It’s nothing new when an athlete invests money in a business. But tennis player and 2013 Wimbledon champion Andy Murray is doing something a little different: He’s getting into equity crowdfunding. Murray, who’s currently competing for a second Wimbledon win as the No. 3 player in the world, will invest undisclosed amounts of money in early-stage investments through Seedrs, a firm that funds startups in a range of industries. He’ll also sit on the company’s board.
By joining Seedrs, Murray boosts the platform’s profile at a time when the equity crowdfunding industry is taking off in the U.K. and U.S., with capital commitments growing more than 30% per quarter in each nation. Think of equity crowdfunding as VC for the masses. The average Seedrs user puts up anywhere from $1,500, and they’ve helped fund over 200 businesses.
The move appears to makes sense for Murray for when his tennis career inevitably ends, but it’s an even bigger boon for Seedrs as it looks for publicity in the U.K. and abroad. Co-founder and CEO Jeff Lynn says that his company has found success at home, but mostly among people within the tech community. He wants Seedrs to branch out and expand its base of users, and he believes Murray can help.
With a background as a lawyer, Lynn co-founded Seedrs in 2009. He trumpets the company as the “first in the world” to go by the books and get Financial Conduct Authority approval in the U.K., something Lynn said a lot of similar equity crowdfunding platforms didn’t do. Seedrs employs 32 full-time staff members since it got regulatory approval in 2012, and Lynn says with a laugh that his goal is to hire people “who are a lot smarter that I am.”
Murray’s personality jibes well with Seeders’ culture, according to Lynn. He says the tennis star is a “techie and forward-thinking,” and that, “he’s also just a hard-worker … [being a good athlete] is really about going out there day in and day out and busting [your] butt,” an ethic with which any hard-working entrepreneur is familiar.
Beyond Seedrs and Murray, the match-up is a big deal for equity platforms around the world, which have seen a surge in funding as average investors want to get in on startups. “At the end of the day, our industry is relatively new and unknown by [most] people,” says Luan Cox, CEO of Crowdnetic, which tracks the amount of money invested in equity crowdfunding platforms in the U.S. and abroad. “I think it’s important that we have folks that can elevate and bring more attention to these opportunities.”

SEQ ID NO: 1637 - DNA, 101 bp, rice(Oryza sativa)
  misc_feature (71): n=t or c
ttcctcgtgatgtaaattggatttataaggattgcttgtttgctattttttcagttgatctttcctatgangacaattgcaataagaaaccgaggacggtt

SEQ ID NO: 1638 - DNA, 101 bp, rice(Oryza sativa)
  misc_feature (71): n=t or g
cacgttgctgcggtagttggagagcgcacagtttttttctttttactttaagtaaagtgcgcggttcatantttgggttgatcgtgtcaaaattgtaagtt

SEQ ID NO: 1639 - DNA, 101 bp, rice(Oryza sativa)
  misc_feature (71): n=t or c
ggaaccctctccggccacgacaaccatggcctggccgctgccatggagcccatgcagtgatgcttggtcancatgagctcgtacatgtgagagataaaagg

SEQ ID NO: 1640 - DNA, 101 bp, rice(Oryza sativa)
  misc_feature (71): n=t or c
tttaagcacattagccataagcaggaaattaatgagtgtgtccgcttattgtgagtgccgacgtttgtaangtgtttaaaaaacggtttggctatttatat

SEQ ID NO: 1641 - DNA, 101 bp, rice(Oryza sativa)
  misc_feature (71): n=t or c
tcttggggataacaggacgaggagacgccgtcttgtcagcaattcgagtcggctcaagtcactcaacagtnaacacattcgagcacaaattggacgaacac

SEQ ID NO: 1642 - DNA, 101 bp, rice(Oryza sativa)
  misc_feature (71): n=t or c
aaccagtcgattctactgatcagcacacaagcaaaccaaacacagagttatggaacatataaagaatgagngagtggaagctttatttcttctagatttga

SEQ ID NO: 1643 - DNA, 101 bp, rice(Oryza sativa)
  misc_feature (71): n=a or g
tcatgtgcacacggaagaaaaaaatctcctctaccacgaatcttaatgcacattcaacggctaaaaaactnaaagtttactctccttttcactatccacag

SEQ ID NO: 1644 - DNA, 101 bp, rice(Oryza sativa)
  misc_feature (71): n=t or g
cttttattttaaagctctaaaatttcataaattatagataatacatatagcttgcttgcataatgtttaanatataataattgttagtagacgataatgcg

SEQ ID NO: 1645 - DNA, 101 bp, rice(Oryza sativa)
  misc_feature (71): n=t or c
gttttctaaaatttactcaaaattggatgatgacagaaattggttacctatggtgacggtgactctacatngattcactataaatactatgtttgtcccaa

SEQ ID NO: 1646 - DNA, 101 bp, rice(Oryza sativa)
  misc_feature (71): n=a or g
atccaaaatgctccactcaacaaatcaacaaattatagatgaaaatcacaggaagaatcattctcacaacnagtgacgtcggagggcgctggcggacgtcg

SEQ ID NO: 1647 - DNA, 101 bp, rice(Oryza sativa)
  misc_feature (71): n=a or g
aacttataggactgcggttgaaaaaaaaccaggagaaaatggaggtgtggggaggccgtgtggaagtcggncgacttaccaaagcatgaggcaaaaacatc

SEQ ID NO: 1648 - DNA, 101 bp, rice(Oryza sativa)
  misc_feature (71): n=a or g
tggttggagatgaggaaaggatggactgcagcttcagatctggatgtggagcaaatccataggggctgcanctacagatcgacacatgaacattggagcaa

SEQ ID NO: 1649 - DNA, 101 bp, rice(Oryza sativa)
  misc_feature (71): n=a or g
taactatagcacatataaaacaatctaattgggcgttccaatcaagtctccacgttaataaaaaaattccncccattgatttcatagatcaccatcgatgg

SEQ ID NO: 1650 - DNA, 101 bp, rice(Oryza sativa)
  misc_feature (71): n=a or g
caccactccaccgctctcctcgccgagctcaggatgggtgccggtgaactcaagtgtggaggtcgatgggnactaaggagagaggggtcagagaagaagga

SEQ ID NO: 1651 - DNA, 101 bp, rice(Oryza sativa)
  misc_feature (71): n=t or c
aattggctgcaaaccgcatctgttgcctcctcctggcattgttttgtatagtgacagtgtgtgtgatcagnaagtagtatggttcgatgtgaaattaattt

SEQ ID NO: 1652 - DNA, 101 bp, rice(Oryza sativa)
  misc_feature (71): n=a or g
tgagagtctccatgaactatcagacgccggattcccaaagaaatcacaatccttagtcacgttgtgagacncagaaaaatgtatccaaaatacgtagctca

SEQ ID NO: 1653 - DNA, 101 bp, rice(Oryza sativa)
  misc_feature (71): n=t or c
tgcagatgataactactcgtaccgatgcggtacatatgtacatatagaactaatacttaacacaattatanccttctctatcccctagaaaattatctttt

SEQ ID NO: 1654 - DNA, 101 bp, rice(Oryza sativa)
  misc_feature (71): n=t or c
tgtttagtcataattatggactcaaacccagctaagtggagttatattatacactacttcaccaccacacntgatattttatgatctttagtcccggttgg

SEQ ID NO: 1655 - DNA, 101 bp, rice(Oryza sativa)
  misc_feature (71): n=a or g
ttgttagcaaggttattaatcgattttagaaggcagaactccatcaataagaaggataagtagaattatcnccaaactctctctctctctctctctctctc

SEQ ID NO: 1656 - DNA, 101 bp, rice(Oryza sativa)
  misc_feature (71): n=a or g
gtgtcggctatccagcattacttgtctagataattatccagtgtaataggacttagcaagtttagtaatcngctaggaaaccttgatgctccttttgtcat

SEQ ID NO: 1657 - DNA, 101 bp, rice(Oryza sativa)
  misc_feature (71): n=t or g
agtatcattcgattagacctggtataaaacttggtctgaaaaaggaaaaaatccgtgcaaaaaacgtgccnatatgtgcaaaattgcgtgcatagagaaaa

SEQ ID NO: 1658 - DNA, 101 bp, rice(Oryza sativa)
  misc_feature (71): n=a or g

Crowdnetic data shows significant growth in money committed to crowdfunding platforms. In the U.S., investments grew from $164 million to $210 million from April through June for a 32% quarter-over-quarter rise. In the U.K., $42 million was committed from January through March, with quarter-over-quarter growth of 37%.
Recently it got even easier for small investors to participate in equity crowdfunding. Last Friday the Securities Exchange Commission authorized Regulation A+, a provision of the 2012 Jumpstart Our Business Startups Act (known as the JOBS Act). Prior to the approval, accredited investors had to make $200,000 a year or have a $1 million-plus net worth. Now startups can raise up to $50 million from non-accredited investors. “What’s ironic,” Cox says with a laugh, “is a lot of the regulators in Washington [weren’t] able to invest” ahead of the approval.
Although it’s unclear just how large a part Andy Murray will play in his partnership with Seedrs, he’s expected to take an active role in the investments he makes, especially in budding sports and health businesses as they relate to tech.
“I’ve always been interested in investment, and being able to get involved in an innovative way to help support British startups really appealed to me,” Murray said in a statement when the partnership was announced. He tested the waters with Seedrs through a few anonymous investments and liked what he saw, which led him to make his bigger stake.
Murray was unavailable to speak with Fortune for this piece, but according to Lynn, his involvement could turn into a new passion once his sports career ends. “He’s a very smart guy, and I think he realizes his tennis successes have made him a lot of money,” says Lynn. “He’d like to parlay that to the [next] 50, 60 years that will follow his tennis career into an active business life.”